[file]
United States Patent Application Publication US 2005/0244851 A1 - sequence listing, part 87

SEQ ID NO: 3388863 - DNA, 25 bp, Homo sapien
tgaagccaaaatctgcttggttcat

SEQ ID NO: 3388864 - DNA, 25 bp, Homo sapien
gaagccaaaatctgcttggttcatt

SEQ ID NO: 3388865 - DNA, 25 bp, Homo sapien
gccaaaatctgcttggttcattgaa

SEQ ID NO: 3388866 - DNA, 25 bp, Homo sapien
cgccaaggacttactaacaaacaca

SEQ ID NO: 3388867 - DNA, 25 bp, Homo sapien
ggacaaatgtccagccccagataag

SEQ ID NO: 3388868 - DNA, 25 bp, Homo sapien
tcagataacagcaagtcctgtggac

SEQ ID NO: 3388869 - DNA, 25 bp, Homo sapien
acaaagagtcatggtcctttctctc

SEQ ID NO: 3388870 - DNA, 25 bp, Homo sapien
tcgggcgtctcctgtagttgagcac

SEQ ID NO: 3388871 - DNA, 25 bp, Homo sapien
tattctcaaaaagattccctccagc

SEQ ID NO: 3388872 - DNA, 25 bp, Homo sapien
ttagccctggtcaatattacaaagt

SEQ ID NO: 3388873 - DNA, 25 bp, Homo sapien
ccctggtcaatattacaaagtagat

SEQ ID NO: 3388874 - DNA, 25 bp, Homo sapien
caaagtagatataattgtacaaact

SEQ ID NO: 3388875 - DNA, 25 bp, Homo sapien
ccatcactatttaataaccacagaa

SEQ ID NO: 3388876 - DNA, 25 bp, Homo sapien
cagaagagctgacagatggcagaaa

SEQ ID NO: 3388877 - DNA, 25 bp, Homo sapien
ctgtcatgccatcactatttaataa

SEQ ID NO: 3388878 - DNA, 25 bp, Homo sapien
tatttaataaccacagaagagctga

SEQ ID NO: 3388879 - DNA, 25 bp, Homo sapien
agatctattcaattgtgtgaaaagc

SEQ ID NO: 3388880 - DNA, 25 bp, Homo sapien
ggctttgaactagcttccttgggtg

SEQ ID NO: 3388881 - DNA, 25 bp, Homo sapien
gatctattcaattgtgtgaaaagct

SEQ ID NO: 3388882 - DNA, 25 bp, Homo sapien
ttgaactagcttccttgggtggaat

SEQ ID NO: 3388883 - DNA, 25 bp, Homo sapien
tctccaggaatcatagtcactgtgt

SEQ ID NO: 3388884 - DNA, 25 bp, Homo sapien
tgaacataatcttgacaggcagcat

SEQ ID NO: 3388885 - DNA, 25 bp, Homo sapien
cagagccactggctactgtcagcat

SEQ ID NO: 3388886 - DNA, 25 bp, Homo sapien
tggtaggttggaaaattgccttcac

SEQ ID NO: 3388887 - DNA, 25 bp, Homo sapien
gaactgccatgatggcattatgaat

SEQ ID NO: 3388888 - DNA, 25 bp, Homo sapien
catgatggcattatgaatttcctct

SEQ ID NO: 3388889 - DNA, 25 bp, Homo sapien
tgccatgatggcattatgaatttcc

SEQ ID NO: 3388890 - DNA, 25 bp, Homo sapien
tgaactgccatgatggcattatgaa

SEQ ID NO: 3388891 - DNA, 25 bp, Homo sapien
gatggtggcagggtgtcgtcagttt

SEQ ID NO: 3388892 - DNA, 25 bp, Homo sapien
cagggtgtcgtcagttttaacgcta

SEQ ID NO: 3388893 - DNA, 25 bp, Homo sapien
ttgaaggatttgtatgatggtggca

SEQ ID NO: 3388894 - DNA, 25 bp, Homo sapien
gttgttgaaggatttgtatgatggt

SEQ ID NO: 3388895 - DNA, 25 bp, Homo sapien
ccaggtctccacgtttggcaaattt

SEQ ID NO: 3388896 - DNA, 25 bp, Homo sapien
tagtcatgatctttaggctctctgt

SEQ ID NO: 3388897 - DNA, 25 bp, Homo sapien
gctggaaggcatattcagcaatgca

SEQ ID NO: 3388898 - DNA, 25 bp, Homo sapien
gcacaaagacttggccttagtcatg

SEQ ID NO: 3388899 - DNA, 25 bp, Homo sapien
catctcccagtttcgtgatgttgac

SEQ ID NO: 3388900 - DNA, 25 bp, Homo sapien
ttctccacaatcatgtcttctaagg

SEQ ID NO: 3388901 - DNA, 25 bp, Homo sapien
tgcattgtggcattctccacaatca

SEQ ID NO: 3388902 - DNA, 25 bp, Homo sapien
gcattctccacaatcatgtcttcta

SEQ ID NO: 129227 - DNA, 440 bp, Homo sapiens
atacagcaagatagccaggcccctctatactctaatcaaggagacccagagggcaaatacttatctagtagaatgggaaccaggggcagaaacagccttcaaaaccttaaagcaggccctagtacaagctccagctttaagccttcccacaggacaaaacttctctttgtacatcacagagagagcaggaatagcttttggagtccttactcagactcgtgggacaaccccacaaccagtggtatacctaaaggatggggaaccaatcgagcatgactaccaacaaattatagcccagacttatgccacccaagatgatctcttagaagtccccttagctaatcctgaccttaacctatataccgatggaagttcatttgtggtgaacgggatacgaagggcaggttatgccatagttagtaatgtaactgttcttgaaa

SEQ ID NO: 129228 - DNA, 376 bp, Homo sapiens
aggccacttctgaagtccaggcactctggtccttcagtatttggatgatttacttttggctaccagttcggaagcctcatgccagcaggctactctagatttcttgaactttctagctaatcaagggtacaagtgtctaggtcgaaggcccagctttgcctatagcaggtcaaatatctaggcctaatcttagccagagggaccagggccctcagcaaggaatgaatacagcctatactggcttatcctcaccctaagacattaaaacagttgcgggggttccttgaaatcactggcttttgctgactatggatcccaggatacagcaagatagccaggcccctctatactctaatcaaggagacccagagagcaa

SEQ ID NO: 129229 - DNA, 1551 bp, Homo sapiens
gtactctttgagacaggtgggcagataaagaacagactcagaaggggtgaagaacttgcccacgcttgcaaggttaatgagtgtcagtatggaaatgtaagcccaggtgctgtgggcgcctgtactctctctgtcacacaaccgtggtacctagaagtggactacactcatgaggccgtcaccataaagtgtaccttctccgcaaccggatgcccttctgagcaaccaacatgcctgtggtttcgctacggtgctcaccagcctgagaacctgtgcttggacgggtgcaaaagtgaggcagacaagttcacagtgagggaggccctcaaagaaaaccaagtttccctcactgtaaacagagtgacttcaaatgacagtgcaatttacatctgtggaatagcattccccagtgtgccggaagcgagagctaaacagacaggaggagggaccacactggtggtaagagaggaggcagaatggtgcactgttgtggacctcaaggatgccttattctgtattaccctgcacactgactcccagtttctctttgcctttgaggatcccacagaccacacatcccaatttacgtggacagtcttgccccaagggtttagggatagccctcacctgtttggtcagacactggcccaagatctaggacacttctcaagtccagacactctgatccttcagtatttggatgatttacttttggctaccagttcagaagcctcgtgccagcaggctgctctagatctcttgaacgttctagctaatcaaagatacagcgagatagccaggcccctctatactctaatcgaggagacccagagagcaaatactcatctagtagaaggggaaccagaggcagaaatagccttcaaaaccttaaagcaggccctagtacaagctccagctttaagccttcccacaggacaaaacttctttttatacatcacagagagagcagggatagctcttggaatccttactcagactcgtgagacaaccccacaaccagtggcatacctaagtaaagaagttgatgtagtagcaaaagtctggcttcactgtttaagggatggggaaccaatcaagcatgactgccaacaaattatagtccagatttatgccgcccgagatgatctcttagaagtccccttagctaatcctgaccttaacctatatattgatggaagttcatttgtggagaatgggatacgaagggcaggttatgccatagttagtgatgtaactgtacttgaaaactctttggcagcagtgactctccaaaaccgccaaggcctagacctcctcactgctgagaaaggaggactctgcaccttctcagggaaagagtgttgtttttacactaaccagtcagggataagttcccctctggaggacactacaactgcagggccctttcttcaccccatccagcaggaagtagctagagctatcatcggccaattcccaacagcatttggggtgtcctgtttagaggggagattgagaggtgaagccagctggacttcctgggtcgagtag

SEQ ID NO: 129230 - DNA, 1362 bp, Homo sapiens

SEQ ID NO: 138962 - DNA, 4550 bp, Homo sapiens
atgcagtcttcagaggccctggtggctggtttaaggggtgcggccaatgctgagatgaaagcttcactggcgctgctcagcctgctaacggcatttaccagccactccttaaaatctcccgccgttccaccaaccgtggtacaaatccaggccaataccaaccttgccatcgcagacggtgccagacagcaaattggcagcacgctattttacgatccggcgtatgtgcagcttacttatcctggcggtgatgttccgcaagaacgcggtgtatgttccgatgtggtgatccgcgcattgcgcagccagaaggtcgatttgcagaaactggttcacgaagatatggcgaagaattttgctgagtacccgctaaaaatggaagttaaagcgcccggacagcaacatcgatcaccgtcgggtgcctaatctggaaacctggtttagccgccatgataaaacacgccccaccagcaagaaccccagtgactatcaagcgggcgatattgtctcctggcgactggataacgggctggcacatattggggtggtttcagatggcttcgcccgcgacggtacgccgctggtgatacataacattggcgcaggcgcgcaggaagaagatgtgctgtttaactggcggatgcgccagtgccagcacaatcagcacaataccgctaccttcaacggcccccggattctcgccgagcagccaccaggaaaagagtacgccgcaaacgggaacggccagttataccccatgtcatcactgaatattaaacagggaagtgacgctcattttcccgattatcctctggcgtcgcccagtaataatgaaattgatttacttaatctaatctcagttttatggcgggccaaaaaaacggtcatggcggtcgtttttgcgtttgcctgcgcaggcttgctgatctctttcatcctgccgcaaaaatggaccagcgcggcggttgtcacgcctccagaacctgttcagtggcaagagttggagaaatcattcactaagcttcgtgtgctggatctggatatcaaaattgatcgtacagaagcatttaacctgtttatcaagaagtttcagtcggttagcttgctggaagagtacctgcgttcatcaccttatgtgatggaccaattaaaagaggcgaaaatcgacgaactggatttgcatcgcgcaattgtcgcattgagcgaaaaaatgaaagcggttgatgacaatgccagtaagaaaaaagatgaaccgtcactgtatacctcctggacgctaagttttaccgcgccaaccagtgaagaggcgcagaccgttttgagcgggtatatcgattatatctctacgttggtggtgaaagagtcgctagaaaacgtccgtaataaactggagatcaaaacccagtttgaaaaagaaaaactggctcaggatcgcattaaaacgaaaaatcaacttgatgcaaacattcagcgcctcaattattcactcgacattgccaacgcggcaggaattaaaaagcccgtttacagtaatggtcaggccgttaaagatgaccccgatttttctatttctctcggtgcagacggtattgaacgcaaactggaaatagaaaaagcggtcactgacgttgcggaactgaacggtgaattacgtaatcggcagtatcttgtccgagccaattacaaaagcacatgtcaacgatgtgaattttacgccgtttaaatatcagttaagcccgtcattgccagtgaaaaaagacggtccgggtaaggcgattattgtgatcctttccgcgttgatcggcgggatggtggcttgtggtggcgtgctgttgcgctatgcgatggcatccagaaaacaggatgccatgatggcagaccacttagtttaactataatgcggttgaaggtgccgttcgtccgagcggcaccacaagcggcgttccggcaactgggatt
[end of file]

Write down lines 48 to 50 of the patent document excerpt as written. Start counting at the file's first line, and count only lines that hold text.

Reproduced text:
SEQ ID NO: 3388886 - DNA, 25 bp, Homo sapien
tggtaggttggaaaattgccttcac

SEQ ID NO: 3388887 - DNA, 25 bp, Homo sapien